Here is a detailed list of the clothing I took on our 6 day (5 night) kayak tour. We were given a 10 litre dry bag as a “day bag” and a 20 litre dry bag as a “camp bag”. Once we got the hang of squishing all the air out of the bags, they condensed pretty good.
Teva Sandals – Can get wet, great soles for walking on oyster shells. Keen Sandals would also be good. Both guides had them.
Technical Crop Pants – I would take longish shorts next time, don’t take a belt.
Icebreaker Undies – My biggest coup was to take a pair for each day. I would start each day with dry undies under my damp pants.
Rashguard Shirt – 2 – I started wearing just one, but had to add the second one for warmth. I use rashguards for their sun blocking ability.
Light Jacket – I wore a light jacket for warmth, but it was getting wet each day. Next time, I would find a more water repellent jacket.
Wide Brimmed Hat – Geeky hat plus a glasses strap as I was wearing my prescription sunglasses on the water.
Paddling Gloves – When we started to paddled in the spring, when it was chilly, I was wearing an old pair of full neoprene scuba diving gloves. I continued to wear them all summer and on this trip.
Fuzzy – This was an older fuzzy that went in my day bag so I could don it at lunch time to stay warm. Had this one in case it got wet so my camp warm layer stayed dry.
Gortex Jacket – Since it was chilly, I carried my camp jacket in my day bag to wear at lunch to help stay warm. If the weather was hotter, it would have stayed in my camp bag.
Toque – I also started carrying my camp toque in my day bag for lunchtime warmth.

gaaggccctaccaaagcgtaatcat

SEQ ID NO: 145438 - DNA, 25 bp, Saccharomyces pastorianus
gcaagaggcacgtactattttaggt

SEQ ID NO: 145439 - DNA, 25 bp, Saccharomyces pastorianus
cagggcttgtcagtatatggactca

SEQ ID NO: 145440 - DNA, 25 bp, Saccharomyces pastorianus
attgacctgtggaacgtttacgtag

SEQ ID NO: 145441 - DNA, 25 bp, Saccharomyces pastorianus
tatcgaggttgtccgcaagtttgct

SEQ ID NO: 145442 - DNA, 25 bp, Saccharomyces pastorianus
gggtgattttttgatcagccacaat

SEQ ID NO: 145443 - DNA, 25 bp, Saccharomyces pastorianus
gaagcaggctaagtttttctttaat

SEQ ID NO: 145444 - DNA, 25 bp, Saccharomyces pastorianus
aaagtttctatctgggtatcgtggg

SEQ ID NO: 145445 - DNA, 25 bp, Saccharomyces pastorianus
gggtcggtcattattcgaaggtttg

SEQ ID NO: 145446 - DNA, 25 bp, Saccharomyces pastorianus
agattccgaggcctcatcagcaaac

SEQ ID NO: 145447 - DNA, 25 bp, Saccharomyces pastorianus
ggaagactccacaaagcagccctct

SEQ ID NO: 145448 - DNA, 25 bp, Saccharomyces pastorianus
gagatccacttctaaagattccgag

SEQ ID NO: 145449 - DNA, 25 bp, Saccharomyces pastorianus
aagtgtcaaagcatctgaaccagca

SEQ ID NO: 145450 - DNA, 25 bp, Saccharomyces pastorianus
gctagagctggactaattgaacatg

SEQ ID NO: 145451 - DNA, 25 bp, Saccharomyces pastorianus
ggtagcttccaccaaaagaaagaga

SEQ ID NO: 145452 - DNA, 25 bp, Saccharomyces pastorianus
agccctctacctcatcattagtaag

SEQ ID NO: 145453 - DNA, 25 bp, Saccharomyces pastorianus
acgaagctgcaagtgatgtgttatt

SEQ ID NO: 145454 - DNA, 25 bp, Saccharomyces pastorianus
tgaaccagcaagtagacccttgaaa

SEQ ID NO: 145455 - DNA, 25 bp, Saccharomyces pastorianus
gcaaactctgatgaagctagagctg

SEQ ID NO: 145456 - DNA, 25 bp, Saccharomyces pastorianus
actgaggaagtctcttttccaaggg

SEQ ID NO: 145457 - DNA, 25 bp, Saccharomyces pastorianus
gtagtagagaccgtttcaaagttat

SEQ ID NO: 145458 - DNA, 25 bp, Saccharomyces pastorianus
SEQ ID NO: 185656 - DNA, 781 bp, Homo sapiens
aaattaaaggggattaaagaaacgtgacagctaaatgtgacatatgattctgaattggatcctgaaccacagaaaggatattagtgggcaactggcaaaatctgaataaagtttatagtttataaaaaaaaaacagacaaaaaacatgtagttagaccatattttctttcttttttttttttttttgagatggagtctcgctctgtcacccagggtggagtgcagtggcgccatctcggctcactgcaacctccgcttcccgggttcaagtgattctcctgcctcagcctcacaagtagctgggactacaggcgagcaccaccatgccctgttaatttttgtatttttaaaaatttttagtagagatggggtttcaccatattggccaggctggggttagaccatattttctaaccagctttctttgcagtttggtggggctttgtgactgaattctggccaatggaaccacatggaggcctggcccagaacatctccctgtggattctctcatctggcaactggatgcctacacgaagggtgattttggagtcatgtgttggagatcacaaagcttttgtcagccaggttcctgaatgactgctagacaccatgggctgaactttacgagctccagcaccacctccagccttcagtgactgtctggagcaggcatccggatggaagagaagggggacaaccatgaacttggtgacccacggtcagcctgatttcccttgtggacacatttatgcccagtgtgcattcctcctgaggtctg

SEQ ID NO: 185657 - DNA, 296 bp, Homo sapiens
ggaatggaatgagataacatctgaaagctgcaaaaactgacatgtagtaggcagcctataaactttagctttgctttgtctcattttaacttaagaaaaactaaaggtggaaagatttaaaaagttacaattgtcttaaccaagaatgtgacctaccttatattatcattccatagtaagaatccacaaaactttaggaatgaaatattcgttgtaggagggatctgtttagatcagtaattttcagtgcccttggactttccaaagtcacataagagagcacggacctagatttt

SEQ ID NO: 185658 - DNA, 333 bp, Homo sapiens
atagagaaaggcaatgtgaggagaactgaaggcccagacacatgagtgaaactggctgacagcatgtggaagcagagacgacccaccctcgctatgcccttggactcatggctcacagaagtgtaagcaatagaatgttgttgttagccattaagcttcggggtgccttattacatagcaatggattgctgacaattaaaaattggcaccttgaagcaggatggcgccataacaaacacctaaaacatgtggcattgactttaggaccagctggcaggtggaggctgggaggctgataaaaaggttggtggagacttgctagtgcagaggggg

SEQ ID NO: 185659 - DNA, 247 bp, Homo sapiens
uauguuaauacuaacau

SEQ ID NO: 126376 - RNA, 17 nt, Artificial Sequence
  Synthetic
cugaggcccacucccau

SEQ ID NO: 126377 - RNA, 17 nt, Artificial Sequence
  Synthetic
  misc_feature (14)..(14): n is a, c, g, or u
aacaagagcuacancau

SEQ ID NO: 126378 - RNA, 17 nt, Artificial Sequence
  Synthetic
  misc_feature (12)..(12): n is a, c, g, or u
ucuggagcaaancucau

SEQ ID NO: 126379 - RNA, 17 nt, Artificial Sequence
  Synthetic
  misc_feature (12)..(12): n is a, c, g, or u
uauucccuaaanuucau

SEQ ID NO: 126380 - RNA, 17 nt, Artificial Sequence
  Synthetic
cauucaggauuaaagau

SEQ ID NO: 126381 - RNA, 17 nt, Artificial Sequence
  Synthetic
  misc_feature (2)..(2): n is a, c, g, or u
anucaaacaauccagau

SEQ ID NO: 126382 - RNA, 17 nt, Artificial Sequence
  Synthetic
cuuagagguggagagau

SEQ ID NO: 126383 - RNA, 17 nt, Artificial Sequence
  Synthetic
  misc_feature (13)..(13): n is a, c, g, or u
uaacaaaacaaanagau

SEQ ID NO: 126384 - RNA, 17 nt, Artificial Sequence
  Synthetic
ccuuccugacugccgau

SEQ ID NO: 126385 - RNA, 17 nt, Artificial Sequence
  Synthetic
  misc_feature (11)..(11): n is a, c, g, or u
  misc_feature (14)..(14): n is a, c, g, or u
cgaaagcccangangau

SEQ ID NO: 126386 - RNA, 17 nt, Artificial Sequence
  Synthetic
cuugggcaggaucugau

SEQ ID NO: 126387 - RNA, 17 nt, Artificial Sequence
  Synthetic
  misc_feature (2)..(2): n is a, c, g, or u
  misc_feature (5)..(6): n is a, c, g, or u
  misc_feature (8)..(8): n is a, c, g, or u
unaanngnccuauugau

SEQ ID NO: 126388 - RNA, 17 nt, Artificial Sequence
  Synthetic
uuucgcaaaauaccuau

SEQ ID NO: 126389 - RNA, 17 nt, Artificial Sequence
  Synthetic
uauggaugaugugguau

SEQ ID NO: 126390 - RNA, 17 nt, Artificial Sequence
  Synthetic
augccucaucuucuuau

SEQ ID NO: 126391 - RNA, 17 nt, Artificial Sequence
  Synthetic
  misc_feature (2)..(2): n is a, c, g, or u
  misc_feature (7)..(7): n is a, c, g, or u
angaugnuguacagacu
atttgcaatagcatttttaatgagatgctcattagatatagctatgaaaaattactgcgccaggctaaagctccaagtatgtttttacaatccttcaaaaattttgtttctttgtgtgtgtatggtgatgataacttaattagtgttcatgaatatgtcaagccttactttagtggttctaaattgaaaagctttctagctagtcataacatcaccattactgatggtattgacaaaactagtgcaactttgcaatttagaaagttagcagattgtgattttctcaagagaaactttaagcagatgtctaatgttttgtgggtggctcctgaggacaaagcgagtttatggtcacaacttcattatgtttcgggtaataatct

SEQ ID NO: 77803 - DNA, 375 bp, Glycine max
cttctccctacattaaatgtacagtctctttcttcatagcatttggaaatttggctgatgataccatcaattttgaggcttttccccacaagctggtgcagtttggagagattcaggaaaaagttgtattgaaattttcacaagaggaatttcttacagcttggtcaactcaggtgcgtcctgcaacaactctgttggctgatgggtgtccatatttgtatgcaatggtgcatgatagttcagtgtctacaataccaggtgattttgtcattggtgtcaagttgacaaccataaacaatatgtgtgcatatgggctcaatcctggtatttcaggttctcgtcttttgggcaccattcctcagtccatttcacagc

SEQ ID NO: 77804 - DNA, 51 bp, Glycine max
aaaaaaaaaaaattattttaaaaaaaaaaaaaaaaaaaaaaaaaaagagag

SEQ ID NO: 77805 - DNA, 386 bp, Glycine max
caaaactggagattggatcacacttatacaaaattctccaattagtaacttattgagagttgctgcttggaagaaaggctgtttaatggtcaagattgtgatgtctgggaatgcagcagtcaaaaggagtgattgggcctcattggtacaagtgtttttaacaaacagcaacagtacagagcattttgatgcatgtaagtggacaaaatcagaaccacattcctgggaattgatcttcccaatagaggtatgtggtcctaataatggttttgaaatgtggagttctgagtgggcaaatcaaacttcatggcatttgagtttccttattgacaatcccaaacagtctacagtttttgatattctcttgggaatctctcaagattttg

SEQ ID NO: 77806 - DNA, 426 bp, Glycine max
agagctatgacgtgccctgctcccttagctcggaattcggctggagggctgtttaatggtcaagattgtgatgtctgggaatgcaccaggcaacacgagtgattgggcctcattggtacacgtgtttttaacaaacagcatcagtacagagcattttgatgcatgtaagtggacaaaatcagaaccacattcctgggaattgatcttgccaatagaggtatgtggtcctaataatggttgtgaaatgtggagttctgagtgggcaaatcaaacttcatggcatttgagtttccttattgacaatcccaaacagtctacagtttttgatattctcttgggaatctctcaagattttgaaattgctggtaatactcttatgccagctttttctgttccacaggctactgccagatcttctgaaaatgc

Hiking Shoes – I brought along an old pair of hiking shoes. Runners would also be an option.
Wool Socks – 2 pair – 1 to wear everyday and a spare in case the first pair got wet.
Technical Pants – 2 pair – 1 to wear everyday and a spare in case the first pair got wet.
Lightweight Long Johns and Top – Because I get cold easy, I never camp without long johns. I wore these every day!
Icebreaker Long Sleeved Tops – 2 – 1 to wear everyday and a spare in case the first got wet.
Synthetic Down Jacket – I wore this everyday in camp!
Toque and Mitts – Toque got worn everyday. Mitts were not worn, but might have been if it had rained hard.
Gortex Jacket – This was my rain jacket but I wore it everyday for warmth.
Gortex Rain Pants – In case it rained. Were not worn.
PJs – I originally thought to wear my long underwear to sleep in but it was too hot, so I brought a light T shirt and slept in the T shirt and undies. In hindsight, I wish I had a light pair of PJ pants to wear as a clammy sleeping bag doesn’t feel nice on bare legs.
Large Ziploc Bag – This is to put wet undies and any other wet clothes in to keep them separate.
I brought my heavy down sleeping bag, which I found just a tad warm. But I would prefer to be too warm than cold. Next time I may test my lightweight bag before and take that one and wear heavier PJs.
I always take a few extra clothes in case of getting wet. For this trip I had one pair of extra socks, pants and a long sleeved shirt. I think this was reasonable and not too much extra. It would not be good to have a wet and cold Debbie.
For you ladies who are wondering how to work the undies. I would put dry undies on when we got to the campsite each day, under my dry camp clothes. I would sleep in my undies and wear them the next day under my kayak clothes. They would then be soaked and I would change them at the next campsite.
Murray’s clothes were very similar to mine. He also took extra socks, pants and a shirt. He did not have a light kayaking jacket. He only had 1 pair of kayak underwear and 1 pair of camp underwear, so he put on wet underwear every morning. Yikes!
We paired down our toiletries to the bare minimum. We had a first aid kit that would remedy the basic hurts and sicknesses.
You will find a condensed version of this list under the menu item “Packing Lists” under Kayak Touring.